Navigation Links
Seeing the forest through the trees and seeing the trees through the leaves

Since the time of the earliest humans, people have attempted to understand the natural environment. We have observed our surroundings and searched for explanations for natural phenomena. Yet despite our persistence over thousands of years, many basic questions remain to be answered. Although we understand core processes such as photosynthesis, we do not have a full understanding of issues such as how plants maximize their photosynthetic capacity.

Specific leaf area, or SLA, plays a prominent role in ecological theories that attempt to provide explanations for plant and ecosystem function. SLA, a measurement of the total leaf area to dry mass, has been found to correlate with the potential for light-resource use, the relative growth rate of a plant, and differences in essential nutrient demand and habitat preference.

Scientists also have observed that the SLA of individual leaves varies within a single plant, and this measurement often correlates with leaf maturation and position within the canopy. More recently, scientists have discovered that, as a tree increases in size, its total canopy SLA decreasesthat is to say, its total leaf surface area fails to keep pace with increases in total leaf mass.

What causes this decrease in SLA as tree size increases has remained a mystery, but recent research by Cornell University scientists Karl Niklas and Edward Cobb published in the January issue of the American Journal of Botany ( provides an explanation for this decrease in SLA with an increase in tree size.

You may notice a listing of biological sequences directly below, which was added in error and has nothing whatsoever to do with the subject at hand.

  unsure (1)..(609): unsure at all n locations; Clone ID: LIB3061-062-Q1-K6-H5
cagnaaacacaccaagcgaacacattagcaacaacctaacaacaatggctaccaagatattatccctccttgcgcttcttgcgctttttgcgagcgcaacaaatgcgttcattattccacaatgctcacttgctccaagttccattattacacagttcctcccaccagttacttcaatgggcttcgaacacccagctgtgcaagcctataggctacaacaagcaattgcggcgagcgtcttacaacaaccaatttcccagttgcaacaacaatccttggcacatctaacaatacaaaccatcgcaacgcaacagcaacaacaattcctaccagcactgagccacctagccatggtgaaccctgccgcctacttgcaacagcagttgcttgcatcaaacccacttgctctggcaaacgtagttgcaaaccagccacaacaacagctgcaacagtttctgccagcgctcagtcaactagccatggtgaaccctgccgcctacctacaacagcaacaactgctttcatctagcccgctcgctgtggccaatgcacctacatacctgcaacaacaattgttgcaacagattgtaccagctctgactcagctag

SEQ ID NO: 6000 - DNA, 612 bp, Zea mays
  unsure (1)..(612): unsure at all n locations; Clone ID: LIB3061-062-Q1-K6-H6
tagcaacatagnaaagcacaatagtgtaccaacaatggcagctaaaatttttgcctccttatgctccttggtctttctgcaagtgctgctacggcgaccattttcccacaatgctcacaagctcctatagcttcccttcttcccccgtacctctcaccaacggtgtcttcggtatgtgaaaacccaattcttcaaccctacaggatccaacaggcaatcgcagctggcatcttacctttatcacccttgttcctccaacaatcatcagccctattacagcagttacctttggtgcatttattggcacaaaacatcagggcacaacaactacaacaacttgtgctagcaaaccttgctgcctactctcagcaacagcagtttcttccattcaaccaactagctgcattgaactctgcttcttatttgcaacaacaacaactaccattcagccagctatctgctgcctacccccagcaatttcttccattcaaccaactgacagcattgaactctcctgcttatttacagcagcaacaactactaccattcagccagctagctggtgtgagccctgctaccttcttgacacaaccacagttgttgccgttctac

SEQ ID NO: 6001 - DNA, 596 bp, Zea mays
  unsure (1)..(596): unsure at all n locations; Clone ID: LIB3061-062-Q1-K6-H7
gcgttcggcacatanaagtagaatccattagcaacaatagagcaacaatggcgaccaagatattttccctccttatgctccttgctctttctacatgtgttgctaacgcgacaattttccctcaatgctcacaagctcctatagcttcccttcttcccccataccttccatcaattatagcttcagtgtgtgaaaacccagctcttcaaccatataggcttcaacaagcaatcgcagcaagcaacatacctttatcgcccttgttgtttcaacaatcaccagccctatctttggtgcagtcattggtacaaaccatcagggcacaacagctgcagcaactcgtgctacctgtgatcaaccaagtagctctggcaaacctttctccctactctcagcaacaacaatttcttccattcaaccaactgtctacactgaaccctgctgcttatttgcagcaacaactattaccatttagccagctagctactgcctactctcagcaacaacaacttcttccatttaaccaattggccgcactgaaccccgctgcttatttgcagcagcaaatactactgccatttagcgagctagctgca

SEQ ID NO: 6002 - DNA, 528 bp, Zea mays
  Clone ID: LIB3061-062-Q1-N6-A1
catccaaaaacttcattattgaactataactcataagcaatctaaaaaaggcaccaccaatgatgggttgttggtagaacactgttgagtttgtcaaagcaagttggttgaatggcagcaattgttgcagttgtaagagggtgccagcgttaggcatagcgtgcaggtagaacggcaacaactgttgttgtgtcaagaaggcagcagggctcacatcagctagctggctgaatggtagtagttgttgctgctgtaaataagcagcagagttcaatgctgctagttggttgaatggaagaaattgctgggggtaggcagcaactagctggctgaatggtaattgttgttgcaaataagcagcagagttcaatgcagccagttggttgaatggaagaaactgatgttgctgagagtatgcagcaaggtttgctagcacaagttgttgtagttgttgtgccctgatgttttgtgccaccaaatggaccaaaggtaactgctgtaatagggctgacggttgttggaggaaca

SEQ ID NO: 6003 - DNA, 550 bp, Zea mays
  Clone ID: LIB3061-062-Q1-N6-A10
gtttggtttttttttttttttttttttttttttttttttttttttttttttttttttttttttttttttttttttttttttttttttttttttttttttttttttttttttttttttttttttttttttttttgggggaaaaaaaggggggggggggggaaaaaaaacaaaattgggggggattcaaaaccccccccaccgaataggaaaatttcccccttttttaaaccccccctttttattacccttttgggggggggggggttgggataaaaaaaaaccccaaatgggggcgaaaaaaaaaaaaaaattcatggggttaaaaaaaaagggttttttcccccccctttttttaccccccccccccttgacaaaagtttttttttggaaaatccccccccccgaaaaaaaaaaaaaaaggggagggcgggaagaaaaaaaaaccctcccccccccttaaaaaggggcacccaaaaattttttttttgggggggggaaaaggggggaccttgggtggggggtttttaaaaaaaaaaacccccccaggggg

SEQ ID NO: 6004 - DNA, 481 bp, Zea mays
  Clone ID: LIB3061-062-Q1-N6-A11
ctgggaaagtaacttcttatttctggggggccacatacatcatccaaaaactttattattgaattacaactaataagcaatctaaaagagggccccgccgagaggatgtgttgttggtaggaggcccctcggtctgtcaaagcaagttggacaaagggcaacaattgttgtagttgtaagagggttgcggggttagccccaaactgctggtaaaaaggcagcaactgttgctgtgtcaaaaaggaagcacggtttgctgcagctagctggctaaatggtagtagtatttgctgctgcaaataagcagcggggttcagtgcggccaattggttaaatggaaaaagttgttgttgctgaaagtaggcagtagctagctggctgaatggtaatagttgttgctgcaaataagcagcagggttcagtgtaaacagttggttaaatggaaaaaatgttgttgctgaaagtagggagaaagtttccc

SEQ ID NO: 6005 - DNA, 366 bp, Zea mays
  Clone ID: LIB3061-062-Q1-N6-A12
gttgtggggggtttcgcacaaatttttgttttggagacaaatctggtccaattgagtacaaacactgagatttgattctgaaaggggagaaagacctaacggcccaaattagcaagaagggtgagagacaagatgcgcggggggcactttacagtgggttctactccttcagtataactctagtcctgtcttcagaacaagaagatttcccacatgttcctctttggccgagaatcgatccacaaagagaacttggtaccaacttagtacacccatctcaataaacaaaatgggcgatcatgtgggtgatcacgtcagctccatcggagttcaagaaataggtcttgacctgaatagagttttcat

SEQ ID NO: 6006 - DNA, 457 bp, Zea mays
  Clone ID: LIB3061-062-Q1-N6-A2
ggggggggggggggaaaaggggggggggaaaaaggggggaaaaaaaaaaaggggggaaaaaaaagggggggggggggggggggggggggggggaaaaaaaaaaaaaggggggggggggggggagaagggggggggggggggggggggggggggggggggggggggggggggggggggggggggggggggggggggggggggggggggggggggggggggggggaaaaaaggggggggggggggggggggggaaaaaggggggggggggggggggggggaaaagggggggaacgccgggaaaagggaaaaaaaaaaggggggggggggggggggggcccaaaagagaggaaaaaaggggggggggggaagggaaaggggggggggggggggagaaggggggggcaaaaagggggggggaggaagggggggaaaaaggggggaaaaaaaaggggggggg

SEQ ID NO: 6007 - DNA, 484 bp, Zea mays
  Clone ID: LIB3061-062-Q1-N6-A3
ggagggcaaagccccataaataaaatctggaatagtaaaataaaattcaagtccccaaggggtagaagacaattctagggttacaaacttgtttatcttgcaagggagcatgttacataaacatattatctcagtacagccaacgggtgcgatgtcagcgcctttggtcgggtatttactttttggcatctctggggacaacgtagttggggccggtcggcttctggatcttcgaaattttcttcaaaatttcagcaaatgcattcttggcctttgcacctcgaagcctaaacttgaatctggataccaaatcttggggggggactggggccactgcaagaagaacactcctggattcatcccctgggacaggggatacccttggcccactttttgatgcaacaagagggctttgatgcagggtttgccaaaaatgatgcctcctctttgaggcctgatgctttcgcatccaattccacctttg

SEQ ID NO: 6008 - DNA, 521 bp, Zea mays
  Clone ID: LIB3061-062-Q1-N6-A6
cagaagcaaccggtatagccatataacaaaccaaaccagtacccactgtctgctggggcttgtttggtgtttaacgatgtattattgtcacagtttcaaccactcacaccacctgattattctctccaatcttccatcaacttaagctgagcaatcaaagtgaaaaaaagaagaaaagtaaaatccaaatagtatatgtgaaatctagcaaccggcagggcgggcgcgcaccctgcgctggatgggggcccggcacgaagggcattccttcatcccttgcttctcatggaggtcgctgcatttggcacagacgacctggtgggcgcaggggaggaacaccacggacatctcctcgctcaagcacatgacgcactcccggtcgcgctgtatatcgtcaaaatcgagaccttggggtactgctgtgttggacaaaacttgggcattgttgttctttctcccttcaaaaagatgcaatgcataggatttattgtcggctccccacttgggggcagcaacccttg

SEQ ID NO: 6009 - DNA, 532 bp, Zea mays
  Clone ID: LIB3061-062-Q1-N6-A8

"The traditional explanation for the size-dependent decrease in SLA was never very satisfying," Niklas said. "We wanted to look at this phenomena in greater details with more care, and we found a totally different answer to a classic ecological question."

The commonly accepted hypothesis has been that decreasing SLA in trees of increasing size is a result of leaf-by-leaf acclimation to the local environment. Physical factors such as differences in light intensity are affected by differences in leaf position within the canopy, providing different local environments. Niklas and Cobb hypothesized that changes in SLA may be a result of changes in the relative numbers of different shoot types that produce leaves differing in SLAsa developmental shift that occurs as a tree increases in size.

Niklas and Cobb examined 15 red maple trees that differed in trunk size and found that the changes in SLA can be attributed to shoot type rather than to the location of the leaves within the canopy. As the trunk diameter increased, the number of short-shoots increased rapidly relative to the number of long-shoots. Detailed analyses of the largest tree demonstrated that short shoots, on average, produce leaves with smaller specific leaf areas than those produced by long shoots. Consequently, developmental shifts occurring at the shoot and whole plant level account for size-dependent decreases in total canopy SLA, rather than leaf-by-leaf acclimation to the local environment.